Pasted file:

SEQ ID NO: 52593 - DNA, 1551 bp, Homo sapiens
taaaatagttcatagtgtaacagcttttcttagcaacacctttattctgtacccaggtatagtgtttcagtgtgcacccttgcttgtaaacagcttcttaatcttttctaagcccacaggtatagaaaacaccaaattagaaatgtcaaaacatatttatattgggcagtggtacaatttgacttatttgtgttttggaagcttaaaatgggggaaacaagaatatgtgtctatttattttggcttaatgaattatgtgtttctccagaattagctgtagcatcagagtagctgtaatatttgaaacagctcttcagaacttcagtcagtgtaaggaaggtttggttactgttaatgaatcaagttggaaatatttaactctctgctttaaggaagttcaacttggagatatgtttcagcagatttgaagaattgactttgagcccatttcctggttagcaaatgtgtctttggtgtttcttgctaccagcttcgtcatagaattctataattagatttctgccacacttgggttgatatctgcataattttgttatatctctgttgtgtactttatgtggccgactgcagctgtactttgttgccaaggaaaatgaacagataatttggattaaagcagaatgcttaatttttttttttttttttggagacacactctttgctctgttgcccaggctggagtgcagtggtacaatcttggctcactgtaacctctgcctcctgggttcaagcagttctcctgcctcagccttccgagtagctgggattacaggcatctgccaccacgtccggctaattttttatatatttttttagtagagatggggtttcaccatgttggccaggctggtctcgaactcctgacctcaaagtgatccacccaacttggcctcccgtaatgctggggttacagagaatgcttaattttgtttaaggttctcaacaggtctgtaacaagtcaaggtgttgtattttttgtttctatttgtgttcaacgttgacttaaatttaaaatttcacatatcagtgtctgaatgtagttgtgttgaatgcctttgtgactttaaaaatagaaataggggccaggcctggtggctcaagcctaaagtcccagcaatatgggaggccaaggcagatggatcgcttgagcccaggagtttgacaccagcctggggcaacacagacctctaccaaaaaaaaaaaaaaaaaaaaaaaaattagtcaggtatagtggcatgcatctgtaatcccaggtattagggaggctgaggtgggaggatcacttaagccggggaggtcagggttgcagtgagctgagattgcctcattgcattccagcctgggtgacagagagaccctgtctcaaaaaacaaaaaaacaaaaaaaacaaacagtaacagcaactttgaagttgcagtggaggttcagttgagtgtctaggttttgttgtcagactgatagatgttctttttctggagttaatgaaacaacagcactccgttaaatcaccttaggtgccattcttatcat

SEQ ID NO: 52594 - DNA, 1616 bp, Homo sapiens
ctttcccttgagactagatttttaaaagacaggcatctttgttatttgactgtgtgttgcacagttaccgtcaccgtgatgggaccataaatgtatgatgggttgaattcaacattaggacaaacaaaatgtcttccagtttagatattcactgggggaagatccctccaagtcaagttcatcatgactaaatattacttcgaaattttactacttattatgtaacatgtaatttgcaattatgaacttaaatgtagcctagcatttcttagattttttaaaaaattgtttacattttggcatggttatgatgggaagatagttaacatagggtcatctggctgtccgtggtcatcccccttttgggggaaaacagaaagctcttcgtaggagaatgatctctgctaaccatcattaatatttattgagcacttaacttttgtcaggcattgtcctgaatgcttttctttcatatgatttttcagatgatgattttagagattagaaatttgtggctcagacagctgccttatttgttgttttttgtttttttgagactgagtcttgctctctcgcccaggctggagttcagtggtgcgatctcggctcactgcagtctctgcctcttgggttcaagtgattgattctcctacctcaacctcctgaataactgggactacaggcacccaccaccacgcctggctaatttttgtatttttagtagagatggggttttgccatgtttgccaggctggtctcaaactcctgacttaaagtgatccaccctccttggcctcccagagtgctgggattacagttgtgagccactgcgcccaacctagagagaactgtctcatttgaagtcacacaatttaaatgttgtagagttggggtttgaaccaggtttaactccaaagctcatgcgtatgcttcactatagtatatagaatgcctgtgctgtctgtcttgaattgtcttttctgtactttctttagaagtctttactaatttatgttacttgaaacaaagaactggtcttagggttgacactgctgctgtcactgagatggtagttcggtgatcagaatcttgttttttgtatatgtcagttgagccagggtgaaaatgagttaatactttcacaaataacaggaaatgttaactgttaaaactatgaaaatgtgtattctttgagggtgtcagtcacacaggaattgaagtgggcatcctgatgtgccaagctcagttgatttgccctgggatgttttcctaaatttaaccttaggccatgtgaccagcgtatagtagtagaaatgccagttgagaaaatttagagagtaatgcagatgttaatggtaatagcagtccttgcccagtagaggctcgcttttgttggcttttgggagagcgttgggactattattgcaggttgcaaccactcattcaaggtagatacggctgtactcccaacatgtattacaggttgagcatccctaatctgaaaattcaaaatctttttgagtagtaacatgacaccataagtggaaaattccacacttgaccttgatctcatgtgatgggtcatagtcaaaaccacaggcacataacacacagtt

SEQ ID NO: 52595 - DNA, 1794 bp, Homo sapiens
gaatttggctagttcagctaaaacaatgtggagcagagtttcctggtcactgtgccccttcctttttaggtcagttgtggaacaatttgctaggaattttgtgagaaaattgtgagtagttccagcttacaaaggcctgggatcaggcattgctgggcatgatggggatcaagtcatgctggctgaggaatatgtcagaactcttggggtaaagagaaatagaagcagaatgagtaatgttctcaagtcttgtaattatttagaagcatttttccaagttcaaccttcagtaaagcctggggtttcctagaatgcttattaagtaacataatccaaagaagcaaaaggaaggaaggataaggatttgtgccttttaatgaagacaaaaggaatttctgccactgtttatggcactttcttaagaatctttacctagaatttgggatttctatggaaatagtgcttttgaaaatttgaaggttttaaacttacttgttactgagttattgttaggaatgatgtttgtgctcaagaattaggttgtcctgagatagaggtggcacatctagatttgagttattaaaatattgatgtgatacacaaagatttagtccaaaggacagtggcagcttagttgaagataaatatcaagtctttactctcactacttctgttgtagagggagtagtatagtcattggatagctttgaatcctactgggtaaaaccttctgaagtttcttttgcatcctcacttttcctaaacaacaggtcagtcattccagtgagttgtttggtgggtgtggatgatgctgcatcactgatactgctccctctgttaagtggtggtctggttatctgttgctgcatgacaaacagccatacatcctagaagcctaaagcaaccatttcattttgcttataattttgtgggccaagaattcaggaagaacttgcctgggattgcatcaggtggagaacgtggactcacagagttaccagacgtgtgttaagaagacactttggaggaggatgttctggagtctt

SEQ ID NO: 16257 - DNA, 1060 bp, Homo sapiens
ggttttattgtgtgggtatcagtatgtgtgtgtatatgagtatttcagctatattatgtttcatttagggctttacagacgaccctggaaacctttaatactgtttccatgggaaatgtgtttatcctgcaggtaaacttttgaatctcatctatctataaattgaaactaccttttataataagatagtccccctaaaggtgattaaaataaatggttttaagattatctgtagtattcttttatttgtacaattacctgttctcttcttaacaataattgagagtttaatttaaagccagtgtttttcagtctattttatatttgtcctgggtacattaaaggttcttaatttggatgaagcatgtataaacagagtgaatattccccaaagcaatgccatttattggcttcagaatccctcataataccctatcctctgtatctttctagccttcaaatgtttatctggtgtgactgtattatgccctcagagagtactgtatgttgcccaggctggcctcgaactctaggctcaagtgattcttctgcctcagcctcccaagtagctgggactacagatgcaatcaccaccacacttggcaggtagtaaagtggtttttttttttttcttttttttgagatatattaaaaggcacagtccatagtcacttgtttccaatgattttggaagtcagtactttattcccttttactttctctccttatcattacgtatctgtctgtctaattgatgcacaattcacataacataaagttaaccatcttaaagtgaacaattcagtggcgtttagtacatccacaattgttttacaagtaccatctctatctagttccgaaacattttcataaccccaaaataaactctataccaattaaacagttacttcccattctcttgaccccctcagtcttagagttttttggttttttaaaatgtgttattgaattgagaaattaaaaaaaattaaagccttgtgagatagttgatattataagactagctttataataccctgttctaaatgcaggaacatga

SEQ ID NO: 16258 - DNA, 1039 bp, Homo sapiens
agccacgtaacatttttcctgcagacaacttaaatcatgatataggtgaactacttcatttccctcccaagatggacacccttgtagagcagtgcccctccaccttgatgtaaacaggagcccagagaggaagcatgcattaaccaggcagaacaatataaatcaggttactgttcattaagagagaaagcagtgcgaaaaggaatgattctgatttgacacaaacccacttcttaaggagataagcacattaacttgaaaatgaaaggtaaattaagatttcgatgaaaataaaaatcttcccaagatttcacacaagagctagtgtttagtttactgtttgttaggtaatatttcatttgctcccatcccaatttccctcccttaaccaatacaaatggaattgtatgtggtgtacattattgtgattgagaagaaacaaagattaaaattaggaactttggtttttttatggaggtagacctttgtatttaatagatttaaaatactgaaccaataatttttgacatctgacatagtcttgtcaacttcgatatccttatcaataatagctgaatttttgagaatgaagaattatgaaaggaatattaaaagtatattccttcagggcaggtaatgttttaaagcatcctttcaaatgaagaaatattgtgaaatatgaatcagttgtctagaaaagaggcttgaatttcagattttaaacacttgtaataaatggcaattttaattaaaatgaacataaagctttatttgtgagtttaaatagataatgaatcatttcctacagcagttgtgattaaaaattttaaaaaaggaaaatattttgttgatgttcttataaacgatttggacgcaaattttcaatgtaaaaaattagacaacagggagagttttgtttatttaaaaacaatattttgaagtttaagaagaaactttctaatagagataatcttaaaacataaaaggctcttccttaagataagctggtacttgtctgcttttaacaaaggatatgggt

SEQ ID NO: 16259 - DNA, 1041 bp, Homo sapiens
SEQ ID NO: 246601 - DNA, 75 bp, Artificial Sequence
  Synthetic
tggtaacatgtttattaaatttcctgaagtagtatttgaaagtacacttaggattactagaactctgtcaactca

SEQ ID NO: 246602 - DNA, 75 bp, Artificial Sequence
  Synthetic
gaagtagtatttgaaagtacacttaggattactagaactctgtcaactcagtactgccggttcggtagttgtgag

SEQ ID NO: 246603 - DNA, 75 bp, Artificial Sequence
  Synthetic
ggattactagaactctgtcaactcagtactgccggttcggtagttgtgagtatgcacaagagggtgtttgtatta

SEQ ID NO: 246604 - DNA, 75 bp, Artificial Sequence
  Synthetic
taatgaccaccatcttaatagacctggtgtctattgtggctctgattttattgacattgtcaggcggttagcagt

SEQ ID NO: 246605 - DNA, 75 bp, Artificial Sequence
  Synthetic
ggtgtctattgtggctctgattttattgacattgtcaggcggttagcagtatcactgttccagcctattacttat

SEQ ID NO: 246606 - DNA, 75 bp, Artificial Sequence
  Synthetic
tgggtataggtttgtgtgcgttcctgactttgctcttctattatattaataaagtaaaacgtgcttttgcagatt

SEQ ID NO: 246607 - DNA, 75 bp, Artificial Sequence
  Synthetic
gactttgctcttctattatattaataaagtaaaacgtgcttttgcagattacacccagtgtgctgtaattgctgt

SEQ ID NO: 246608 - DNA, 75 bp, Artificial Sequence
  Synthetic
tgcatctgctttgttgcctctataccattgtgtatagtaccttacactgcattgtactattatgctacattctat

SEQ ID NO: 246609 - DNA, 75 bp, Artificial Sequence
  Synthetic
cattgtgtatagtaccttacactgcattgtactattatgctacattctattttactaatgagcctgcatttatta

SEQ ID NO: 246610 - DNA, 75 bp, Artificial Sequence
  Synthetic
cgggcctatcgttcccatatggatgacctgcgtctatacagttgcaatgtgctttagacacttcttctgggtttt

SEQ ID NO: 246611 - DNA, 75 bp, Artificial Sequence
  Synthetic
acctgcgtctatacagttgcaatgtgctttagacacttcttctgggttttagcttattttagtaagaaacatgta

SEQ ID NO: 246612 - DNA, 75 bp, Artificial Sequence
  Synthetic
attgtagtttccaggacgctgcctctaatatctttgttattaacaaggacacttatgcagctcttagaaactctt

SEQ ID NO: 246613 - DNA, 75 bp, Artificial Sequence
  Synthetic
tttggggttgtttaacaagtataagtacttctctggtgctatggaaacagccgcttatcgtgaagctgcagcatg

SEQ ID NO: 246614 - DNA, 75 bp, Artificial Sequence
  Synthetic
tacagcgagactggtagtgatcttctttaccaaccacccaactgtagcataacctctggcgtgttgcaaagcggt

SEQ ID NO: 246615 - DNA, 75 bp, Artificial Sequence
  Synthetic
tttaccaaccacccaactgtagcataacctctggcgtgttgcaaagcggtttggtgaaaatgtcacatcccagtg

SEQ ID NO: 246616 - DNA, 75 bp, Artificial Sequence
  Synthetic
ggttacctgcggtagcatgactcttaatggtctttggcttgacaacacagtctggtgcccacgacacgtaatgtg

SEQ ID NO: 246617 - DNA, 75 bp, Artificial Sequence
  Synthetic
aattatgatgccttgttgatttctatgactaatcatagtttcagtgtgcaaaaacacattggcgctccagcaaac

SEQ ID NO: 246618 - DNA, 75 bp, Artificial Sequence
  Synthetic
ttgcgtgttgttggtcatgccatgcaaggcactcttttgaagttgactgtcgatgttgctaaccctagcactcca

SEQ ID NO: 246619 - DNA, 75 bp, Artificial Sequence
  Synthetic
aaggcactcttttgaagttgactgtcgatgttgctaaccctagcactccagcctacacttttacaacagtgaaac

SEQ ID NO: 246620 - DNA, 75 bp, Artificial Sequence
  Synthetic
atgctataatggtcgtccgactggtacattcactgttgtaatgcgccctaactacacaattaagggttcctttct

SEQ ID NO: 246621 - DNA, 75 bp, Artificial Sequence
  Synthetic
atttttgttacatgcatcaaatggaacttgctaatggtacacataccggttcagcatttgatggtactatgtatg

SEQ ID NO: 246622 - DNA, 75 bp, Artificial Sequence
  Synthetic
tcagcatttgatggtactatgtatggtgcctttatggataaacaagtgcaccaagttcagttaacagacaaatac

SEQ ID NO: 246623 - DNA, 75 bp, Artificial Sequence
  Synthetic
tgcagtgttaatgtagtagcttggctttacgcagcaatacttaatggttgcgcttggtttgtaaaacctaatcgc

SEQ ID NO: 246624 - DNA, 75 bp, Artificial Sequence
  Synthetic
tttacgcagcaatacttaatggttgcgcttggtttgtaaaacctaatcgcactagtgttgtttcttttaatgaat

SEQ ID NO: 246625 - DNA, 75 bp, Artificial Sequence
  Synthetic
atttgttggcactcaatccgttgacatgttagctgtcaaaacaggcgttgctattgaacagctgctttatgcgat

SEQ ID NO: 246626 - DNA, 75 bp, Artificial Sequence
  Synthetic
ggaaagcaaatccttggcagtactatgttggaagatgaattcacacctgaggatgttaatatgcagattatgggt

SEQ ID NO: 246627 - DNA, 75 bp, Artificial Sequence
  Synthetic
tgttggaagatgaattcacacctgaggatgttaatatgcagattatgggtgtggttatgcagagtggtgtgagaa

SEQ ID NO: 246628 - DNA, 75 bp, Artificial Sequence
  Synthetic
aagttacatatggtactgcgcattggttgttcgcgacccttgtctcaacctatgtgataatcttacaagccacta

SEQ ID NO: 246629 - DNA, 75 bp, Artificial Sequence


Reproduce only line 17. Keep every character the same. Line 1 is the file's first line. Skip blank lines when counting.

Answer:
gaagtagtatttgaaagtacacttaggattactagaactctgtcaactcagtactgccggttcggtagttgtgag